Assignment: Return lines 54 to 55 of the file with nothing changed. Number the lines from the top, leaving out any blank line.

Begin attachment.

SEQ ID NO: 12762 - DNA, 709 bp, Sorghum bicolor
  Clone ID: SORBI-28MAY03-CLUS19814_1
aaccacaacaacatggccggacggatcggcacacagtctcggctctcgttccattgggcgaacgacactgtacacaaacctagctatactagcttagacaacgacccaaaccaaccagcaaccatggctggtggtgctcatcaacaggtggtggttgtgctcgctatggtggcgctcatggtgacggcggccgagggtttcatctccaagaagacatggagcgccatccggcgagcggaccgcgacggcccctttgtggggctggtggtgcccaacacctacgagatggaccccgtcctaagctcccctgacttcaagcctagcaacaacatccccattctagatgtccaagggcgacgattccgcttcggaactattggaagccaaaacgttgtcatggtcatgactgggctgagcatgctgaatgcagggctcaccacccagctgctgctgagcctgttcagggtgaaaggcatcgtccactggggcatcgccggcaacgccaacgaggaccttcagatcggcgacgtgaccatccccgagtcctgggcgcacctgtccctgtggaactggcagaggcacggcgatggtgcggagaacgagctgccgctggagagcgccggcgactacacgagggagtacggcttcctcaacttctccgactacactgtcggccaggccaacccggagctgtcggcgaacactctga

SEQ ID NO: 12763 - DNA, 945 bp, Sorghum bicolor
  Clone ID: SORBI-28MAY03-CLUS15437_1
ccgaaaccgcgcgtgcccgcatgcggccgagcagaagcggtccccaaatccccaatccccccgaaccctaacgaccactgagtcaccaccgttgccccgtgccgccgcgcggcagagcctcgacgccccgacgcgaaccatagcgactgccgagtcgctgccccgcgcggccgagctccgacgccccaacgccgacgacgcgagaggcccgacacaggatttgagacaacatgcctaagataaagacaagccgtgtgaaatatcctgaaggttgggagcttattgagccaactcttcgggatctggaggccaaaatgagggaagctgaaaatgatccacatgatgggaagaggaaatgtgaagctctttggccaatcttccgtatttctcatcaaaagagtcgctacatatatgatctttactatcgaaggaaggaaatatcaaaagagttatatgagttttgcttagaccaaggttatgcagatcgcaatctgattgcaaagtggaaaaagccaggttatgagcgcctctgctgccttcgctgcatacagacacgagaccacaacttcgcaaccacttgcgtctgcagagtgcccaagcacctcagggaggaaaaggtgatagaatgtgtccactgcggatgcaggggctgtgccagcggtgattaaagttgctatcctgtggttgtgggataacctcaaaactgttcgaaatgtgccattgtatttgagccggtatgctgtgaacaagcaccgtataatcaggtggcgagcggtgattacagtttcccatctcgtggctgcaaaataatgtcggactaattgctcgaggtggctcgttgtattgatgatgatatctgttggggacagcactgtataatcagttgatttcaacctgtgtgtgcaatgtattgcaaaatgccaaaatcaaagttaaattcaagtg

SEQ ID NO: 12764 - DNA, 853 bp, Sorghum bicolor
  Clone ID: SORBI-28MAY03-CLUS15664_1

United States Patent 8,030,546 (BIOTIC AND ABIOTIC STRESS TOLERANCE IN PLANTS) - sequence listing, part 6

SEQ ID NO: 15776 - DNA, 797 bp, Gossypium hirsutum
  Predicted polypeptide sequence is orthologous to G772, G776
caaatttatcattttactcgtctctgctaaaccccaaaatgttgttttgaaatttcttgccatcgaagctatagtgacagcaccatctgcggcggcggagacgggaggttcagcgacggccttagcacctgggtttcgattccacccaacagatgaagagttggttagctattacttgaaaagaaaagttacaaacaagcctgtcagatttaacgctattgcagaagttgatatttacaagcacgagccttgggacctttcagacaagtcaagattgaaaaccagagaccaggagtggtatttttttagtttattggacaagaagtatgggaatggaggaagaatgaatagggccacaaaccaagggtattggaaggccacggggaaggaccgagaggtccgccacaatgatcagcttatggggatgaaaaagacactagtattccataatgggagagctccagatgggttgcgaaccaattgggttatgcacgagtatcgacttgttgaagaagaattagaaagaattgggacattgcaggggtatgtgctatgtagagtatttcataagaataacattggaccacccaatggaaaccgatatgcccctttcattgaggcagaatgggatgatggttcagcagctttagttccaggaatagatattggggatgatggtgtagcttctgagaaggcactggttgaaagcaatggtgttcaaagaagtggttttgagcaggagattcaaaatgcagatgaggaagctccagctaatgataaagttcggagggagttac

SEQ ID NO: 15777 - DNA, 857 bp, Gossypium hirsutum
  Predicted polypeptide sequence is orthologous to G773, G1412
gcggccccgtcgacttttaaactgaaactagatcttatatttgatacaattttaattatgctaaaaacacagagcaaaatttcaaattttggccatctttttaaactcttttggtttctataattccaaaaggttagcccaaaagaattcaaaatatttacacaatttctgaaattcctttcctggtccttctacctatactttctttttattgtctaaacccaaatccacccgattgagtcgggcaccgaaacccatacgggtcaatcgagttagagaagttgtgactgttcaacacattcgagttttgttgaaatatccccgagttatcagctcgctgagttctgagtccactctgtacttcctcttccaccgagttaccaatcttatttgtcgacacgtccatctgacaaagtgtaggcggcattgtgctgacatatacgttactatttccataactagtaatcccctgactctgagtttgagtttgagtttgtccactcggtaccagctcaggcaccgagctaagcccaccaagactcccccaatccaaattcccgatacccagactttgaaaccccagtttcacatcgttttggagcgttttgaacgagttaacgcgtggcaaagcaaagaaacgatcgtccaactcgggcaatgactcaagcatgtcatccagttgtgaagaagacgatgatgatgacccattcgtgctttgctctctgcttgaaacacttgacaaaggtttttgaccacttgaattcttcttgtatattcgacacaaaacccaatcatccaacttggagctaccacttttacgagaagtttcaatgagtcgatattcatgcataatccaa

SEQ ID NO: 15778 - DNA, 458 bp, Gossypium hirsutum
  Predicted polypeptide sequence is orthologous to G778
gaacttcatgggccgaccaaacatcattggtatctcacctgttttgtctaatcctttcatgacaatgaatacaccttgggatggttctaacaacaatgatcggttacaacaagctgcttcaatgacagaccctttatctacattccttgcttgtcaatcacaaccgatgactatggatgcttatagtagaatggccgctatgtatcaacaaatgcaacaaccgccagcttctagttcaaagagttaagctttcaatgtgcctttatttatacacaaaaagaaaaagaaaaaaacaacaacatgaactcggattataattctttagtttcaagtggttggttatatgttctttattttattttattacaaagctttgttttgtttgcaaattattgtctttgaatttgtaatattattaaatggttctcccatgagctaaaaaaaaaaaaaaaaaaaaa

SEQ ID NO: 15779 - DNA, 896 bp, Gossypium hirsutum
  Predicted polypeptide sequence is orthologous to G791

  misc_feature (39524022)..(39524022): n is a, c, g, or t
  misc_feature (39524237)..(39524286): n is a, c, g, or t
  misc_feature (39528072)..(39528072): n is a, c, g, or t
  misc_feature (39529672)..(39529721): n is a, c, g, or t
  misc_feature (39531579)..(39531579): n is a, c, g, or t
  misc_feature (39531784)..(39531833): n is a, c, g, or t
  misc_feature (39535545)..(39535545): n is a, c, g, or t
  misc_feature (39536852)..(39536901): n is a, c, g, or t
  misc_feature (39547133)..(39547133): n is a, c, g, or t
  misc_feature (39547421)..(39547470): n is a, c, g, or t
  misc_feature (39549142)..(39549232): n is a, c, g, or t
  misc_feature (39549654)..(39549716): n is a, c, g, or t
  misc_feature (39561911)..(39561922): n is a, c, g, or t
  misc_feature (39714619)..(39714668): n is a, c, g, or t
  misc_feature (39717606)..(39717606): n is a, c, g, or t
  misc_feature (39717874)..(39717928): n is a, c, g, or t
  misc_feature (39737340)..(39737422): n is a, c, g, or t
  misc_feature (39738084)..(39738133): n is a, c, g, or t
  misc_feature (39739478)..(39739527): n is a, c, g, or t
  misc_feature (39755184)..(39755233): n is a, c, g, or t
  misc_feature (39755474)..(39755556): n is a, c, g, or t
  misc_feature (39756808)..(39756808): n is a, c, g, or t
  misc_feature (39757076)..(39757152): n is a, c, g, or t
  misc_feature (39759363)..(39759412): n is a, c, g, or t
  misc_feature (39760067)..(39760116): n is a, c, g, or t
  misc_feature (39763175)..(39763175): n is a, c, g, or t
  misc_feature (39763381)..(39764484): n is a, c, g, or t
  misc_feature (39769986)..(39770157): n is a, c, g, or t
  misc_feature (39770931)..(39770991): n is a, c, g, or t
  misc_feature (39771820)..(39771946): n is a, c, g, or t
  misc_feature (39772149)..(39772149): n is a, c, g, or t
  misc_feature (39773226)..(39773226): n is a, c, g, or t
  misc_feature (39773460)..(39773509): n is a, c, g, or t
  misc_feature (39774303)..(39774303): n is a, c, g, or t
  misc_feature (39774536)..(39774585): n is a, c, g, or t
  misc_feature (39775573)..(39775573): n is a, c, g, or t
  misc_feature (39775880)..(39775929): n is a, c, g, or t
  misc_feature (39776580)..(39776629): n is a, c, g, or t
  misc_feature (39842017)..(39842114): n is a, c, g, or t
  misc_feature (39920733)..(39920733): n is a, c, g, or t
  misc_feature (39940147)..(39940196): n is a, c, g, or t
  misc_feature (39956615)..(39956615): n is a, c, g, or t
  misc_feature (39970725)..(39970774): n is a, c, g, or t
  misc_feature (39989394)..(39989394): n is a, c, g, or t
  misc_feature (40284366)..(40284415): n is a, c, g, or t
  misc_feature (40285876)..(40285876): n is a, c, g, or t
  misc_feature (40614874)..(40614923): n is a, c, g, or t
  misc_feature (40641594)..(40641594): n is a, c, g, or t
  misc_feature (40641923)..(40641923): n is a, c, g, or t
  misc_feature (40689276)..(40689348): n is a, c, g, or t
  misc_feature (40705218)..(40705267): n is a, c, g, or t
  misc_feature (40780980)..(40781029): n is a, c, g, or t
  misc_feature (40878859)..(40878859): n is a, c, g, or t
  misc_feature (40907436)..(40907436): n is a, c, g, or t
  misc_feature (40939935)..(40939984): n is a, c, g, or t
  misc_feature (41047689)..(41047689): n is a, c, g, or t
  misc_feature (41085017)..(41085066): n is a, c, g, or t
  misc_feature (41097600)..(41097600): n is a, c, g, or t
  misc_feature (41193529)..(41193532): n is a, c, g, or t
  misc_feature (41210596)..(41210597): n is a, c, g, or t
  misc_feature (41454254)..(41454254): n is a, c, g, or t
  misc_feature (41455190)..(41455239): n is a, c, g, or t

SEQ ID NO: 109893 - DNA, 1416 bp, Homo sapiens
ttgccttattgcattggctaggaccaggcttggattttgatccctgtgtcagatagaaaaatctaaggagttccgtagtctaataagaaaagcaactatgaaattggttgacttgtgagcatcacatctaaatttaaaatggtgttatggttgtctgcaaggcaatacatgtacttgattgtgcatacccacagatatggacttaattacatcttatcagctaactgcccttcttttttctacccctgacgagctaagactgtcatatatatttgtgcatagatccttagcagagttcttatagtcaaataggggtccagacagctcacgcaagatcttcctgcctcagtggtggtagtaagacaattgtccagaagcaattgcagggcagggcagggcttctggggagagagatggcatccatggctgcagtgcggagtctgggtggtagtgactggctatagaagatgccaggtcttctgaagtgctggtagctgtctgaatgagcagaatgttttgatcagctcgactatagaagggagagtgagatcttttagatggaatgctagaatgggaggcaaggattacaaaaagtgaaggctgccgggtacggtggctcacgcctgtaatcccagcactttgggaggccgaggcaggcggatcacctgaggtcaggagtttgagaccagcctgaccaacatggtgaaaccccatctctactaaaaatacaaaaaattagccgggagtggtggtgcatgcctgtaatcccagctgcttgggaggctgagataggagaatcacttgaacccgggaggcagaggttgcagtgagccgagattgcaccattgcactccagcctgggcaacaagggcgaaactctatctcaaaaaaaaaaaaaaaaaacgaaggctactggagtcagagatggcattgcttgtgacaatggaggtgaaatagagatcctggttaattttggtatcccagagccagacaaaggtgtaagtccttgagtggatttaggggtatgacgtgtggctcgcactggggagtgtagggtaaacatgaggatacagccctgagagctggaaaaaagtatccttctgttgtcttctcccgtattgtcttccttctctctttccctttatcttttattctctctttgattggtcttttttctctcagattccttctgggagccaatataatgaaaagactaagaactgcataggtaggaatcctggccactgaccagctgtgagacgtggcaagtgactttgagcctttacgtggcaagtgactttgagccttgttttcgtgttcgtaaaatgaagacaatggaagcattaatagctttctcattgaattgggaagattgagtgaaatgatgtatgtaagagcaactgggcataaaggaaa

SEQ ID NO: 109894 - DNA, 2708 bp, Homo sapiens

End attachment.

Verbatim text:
  misc_feature (39774303)..(39774303): n is a, c, g, or t
  misc_feature (39774536)..(39774585): n is a, c, g, or t